A world-class project backed by the Andrews Labor Government that’s helping doctors and nurses treat patients with sepsis faster is saving lives.
On World Sepsis Day, Minister for Health Jenny Mikakos released new data from the Labor Government’s $2 million expansion of the Think Sepsis. Act Fast initiative.
Sepsis is a life-threatening inflammatory reaction to infections, which kills more than eight million people each year worldwide and is a leading cause of death in Victorian hospitals.
Recognising and treating sepsis early saves lives, with every hour of delay increasing risks.
The Think Sepsis. Act Fast initiative, developed at the Peter MacCallum Cancer Centre and Melbourne Health, helps doctors and nurses to better identify and manage sepsis quickly.
With a big cash injection from the Labor Government’s Better Care Victoria Innovation Fund, it was expanded to a further 11 hospitals across Melbourne and regional Victoria.
In just four months the expanded initiative saved 52 lives. New data shows the initiative is expected to save more than 150 lives a year and avoid nearly 300 intensive care admissions.
With hospital stays reduced by more than 11,300 bed days – that means more patients recovering faster and getting back home sooner.
Since 2016, the Better Care Victoria Innovation Fund has delivered $11.2 million to 37 projects that draw on our best and brightest clinical minds to find new, more effective ways to treat more hospital patients, sooner.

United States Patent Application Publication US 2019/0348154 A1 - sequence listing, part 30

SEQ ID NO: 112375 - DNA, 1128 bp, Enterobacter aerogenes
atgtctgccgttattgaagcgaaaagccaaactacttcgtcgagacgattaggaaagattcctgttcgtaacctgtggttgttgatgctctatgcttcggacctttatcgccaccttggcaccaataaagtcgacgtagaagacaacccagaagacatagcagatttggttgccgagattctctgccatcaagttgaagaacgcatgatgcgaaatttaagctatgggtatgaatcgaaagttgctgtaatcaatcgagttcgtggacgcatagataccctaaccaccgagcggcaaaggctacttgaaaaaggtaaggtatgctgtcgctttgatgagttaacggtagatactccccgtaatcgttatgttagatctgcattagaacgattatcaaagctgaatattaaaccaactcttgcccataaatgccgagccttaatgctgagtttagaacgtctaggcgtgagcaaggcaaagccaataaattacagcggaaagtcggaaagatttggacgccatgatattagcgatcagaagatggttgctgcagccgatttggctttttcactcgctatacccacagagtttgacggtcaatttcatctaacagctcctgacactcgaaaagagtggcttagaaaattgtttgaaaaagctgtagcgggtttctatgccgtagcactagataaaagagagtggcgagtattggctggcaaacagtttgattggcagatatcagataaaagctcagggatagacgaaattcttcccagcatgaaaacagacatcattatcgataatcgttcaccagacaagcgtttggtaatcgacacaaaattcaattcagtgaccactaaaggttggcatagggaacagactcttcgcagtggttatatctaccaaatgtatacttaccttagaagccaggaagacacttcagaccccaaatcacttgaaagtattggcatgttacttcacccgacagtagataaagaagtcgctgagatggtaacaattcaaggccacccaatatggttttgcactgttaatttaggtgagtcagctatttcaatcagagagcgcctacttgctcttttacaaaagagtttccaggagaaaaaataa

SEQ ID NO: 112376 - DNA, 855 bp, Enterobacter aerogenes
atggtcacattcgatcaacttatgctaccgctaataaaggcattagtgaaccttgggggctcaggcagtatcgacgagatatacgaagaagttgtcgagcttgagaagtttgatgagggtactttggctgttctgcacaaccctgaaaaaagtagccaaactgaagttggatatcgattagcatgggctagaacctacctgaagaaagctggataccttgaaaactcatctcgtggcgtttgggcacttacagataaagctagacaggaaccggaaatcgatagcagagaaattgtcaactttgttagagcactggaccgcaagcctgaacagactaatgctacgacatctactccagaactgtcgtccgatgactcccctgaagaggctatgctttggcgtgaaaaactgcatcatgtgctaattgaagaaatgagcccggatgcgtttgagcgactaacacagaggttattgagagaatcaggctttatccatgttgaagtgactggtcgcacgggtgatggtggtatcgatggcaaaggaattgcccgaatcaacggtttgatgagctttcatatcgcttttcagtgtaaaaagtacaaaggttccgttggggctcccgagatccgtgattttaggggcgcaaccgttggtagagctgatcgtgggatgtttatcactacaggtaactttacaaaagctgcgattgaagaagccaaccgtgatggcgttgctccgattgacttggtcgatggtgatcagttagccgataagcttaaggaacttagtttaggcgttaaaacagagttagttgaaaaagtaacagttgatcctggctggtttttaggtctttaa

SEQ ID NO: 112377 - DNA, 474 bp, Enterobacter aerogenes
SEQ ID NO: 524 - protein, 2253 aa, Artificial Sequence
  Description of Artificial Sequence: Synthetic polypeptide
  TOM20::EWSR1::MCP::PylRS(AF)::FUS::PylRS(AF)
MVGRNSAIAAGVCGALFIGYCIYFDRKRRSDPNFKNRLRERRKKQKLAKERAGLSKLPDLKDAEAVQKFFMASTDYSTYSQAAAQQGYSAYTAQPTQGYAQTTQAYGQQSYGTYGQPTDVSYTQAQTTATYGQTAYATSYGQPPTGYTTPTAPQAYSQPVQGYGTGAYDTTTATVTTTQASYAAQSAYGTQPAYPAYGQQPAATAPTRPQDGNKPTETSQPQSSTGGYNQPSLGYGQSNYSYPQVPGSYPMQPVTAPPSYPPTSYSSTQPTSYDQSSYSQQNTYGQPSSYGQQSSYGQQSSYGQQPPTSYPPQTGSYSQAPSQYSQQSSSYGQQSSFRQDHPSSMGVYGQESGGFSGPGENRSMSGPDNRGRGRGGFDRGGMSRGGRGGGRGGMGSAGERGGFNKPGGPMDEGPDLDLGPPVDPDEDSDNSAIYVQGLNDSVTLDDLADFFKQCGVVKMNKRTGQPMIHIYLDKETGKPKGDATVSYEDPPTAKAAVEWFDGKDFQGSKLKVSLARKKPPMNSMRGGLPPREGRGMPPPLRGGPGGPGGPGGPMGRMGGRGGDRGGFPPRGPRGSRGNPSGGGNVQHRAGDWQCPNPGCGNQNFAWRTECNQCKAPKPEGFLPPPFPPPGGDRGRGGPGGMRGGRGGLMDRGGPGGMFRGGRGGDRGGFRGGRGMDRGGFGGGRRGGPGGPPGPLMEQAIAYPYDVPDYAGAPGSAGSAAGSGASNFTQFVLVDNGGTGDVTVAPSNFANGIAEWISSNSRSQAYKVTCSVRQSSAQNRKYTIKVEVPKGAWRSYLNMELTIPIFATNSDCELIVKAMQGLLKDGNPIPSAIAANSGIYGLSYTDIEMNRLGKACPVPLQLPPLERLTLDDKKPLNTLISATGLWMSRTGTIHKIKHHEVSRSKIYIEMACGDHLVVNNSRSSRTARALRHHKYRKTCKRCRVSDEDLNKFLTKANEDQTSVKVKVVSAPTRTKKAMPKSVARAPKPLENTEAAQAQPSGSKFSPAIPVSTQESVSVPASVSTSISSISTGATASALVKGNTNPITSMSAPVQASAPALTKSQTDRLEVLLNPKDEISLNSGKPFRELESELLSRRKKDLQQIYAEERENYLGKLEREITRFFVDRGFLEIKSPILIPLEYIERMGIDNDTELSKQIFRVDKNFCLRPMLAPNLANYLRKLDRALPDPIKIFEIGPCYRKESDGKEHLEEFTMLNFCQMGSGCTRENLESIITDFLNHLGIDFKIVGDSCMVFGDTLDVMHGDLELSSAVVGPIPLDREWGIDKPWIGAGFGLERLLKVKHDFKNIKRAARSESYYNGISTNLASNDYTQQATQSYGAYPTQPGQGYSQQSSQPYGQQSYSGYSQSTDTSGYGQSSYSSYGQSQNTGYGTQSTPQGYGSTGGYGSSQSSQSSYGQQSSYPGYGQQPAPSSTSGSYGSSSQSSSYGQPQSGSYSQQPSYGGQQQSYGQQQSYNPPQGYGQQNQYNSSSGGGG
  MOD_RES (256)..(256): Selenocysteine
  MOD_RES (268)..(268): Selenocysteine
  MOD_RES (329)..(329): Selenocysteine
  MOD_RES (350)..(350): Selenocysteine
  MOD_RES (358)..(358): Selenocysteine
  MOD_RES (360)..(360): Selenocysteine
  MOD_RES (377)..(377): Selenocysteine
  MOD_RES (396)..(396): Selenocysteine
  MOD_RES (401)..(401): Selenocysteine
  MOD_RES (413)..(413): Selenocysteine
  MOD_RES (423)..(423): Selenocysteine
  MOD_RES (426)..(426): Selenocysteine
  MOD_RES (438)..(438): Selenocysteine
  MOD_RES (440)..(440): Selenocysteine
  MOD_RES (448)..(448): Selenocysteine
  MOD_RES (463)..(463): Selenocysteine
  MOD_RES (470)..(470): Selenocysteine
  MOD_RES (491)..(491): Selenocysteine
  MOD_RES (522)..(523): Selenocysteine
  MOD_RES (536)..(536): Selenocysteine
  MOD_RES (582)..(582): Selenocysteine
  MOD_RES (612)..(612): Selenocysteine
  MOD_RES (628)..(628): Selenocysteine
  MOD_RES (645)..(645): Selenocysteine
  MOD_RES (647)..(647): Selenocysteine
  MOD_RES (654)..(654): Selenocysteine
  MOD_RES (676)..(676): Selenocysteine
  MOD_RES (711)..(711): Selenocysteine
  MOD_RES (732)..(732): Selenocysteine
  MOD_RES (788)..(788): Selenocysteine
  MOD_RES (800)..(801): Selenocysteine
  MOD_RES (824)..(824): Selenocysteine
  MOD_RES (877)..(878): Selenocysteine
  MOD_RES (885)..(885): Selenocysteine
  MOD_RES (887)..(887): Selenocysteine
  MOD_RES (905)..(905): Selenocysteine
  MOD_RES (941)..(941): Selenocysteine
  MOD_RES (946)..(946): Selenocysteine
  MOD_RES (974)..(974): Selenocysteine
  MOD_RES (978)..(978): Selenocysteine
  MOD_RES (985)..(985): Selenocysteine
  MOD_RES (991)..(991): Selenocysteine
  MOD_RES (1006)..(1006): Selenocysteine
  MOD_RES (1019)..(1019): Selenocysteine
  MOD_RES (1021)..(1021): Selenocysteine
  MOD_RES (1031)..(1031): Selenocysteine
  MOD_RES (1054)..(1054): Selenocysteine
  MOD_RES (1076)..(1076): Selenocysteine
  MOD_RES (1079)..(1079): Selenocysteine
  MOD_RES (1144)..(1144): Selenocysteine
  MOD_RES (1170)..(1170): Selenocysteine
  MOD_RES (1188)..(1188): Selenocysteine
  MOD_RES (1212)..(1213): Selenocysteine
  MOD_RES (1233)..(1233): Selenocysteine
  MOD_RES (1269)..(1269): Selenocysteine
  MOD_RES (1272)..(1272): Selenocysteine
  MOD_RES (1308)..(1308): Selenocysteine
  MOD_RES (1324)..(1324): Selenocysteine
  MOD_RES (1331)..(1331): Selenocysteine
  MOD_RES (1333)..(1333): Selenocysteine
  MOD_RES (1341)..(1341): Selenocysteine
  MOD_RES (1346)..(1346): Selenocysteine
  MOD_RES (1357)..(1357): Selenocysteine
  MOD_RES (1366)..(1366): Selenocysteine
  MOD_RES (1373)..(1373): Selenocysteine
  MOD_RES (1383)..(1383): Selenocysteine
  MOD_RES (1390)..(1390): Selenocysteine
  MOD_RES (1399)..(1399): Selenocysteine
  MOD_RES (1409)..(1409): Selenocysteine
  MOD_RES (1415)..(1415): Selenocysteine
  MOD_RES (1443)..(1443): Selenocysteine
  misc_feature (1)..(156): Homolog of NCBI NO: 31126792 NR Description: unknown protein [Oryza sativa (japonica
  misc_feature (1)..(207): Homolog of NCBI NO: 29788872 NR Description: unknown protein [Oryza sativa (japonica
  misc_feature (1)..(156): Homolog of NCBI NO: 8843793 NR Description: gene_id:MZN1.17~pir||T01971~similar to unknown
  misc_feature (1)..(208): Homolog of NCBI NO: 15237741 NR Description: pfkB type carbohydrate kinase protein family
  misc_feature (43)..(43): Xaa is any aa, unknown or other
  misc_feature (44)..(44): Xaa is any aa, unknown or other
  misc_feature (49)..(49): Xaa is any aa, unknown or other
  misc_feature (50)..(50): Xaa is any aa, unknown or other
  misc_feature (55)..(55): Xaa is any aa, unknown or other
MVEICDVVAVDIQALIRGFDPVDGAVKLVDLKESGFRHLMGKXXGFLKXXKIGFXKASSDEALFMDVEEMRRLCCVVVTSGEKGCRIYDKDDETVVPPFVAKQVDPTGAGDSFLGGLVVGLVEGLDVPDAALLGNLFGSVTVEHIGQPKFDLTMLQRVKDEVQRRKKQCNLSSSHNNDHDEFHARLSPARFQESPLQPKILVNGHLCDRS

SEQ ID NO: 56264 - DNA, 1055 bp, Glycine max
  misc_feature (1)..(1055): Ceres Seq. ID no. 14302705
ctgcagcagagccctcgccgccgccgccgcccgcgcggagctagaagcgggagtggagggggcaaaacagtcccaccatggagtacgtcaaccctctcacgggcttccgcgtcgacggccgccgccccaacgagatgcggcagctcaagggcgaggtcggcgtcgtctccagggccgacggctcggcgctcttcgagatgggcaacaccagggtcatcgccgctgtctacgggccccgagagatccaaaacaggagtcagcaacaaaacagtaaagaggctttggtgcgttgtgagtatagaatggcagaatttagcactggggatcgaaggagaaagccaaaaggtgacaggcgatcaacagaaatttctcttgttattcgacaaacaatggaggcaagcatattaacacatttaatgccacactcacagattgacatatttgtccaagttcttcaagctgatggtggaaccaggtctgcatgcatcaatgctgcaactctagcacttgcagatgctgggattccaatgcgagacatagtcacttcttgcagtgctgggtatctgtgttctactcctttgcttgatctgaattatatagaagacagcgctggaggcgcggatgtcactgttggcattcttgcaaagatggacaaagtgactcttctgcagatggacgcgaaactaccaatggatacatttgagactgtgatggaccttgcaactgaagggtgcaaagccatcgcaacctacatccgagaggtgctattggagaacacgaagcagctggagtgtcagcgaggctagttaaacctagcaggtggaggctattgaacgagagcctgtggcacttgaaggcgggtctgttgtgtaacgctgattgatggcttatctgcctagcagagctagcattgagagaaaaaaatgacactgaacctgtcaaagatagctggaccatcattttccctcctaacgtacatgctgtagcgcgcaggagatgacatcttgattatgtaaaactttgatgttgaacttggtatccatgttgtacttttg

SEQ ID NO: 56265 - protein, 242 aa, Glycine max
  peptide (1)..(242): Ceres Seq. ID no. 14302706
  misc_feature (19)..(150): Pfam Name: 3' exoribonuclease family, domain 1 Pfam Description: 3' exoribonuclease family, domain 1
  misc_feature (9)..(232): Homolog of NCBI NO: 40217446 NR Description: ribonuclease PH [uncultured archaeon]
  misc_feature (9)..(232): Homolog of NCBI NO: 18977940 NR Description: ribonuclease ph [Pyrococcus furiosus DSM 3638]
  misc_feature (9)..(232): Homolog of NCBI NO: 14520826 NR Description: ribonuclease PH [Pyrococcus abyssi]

Projects are driving innovation and efficiency and improving patient care and treatment by sharing and embedding new ideas across the health system.
The Labor Government has invested nearly $215 million to strengthen quality and safety in Victorian hospitals, including the establishment of Safer Care Victoria.
Quotes attributable to Minister for Health Jenny Mikakos
“We’re giving doctors and nurses the skills they need to recognise the signs of sepsis earlier and respond faster because early detection saves lives.”
“It’s all part of backing our best and brightest clinical minds and driving down avoidable harm across our hospitals.”